Ted Lasso became the surprise streaming hit of 2020. Despite some initial skepticism from critics, the show is now universally acclaimed and has racked up 20 Emmy nominations.
If you’re not familiar, Ted Lasso is a small-time college football coach from Kansas played by Jason Sudeikis. He’s hired to coach a professional football team in England — despite having zero experience coaching soccer — because the new owner wants to tank the team to get back at her ex-husband.
(Yes, it’s starts off like the plot of Major League, but moves quickly beyond it.)
Lasso is impossibly optimistic, upbeat, and kind. Perhaps most importantly, Ted always sees the best in people — even when they give strong indications to the contrary.
This is where the counterintuitive key to self-improvement comes in. We’ll call it the Ted Lasso technique.
Research reveals that the best self-help advice may be instead of focusing on how you can improve yourself, the better approach is to start seeing more of the good in other people, more often:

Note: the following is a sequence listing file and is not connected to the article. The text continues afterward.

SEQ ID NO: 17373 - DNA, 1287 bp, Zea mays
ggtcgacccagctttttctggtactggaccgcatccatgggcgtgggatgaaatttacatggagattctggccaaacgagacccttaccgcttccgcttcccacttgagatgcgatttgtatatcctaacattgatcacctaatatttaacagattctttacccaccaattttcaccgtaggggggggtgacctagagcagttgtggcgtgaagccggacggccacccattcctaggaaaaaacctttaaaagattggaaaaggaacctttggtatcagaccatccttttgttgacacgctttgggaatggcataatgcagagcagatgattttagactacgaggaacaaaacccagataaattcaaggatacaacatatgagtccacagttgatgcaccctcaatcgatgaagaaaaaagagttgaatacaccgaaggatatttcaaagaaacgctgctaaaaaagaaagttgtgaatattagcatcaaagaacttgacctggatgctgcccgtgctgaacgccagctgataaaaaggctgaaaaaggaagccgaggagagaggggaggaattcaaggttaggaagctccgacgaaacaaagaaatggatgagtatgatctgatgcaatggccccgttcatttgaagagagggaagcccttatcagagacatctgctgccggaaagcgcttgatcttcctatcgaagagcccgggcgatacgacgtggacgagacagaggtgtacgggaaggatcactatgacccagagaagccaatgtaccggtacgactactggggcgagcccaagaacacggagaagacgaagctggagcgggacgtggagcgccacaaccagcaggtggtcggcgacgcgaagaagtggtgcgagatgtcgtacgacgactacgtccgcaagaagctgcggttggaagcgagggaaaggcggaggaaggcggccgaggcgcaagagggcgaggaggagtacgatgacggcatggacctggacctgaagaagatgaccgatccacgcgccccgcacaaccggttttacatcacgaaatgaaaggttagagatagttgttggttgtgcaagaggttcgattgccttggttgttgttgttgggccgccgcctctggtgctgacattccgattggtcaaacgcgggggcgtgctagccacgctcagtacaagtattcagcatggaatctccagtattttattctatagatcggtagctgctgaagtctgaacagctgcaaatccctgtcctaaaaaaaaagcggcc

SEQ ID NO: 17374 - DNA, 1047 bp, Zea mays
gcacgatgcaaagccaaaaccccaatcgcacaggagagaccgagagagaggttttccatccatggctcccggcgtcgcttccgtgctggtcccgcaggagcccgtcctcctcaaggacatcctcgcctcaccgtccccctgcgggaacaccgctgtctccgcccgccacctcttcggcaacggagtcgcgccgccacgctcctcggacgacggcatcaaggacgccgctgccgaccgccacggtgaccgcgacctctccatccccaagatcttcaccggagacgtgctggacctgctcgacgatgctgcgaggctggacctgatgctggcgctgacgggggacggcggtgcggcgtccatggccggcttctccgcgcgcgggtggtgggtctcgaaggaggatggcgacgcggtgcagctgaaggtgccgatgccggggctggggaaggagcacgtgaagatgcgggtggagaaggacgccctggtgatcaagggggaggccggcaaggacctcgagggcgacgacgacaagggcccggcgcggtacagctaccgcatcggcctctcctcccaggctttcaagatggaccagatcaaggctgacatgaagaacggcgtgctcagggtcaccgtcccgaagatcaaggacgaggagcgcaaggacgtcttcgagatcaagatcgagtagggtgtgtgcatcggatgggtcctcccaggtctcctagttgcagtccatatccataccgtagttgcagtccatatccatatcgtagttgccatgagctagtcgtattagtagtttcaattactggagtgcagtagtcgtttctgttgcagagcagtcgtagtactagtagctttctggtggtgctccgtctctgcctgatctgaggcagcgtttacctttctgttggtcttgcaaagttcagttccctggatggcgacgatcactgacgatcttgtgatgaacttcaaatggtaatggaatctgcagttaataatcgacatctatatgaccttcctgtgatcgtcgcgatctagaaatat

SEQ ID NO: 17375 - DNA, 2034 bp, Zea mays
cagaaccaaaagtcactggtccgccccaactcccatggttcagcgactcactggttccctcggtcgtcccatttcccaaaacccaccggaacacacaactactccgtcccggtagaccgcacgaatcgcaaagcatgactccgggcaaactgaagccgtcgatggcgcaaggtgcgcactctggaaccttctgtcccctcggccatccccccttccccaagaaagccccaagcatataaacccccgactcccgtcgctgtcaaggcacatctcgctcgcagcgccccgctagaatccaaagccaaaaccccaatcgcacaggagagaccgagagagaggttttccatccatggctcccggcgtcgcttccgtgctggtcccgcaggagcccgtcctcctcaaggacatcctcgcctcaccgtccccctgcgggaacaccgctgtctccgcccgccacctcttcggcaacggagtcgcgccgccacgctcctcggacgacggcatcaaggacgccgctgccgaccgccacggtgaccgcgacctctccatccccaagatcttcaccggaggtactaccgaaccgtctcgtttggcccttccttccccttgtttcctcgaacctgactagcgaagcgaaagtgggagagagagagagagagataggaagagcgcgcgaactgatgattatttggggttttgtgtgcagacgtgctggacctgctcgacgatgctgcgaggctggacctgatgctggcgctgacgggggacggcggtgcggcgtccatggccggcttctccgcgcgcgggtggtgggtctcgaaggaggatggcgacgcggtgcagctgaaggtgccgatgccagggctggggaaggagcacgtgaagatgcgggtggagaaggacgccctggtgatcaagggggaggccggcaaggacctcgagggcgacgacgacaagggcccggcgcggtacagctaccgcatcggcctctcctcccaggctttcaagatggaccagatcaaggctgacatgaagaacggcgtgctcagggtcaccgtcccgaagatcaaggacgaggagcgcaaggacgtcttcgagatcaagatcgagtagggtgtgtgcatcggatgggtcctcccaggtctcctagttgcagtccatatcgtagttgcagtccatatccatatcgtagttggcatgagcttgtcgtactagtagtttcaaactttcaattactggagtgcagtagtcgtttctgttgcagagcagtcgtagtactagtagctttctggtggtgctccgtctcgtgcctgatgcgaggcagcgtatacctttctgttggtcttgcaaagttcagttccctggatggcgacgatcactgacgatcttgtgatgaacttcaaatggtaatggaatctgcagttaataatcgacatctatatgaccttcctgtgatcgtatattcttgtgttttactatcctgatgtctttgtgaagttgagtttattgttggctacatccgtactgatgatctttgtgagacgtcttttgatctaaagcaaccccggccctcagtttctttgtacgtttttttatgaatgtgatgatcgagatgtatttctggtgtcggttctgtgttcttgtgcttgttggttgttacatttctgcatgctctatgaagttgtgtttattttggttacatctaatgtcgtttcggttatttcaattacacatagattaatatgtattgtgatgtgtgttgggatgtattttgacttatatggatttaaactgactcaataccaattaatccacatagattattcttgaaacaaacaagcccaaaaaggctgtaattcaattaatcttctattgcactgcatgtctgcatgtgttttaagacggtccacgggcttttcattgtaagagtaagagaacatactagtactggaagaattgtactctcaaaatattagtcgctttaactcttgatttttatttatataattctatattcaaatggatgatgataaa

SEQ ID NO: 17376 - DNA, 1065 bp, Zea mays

- According to University of Georgia researcher Jason Colquitt and his colleagues, people who tend to trust others at work score higher on a range of measures than those who don’t, from job performance to commitment to the team.
- Studies shows it’s our relationships — particularly with our bosses and colleagues — that determine how happy and successful we are as our careers progress.
- Stanford behavioral scientist Chip Heath found that we tend to think our own motivations are intrinsic (“I work hard because I love my job”) whereas others’ are extrinsic (“They work hard only because they’re getting paid to do so”).
- Other research reveals that when we think others are capable of changing their attitudes, we’re more likely to advance our own views. But when we think others’ beliefs are fixed, we don’t try too hard to persuade them—what would be the point?
- Finally, research on optimism — including assuming the best in others — almost universally shows its benefits for success and satisfaction in both work and life.
Ted Lasso’s life isn’t perfect in season two. He’s trying to put together a winning team in a sport he still doesn’t fully understand. He’s going though a divorce. And he’s separated from his son by the Atlantic Ocean.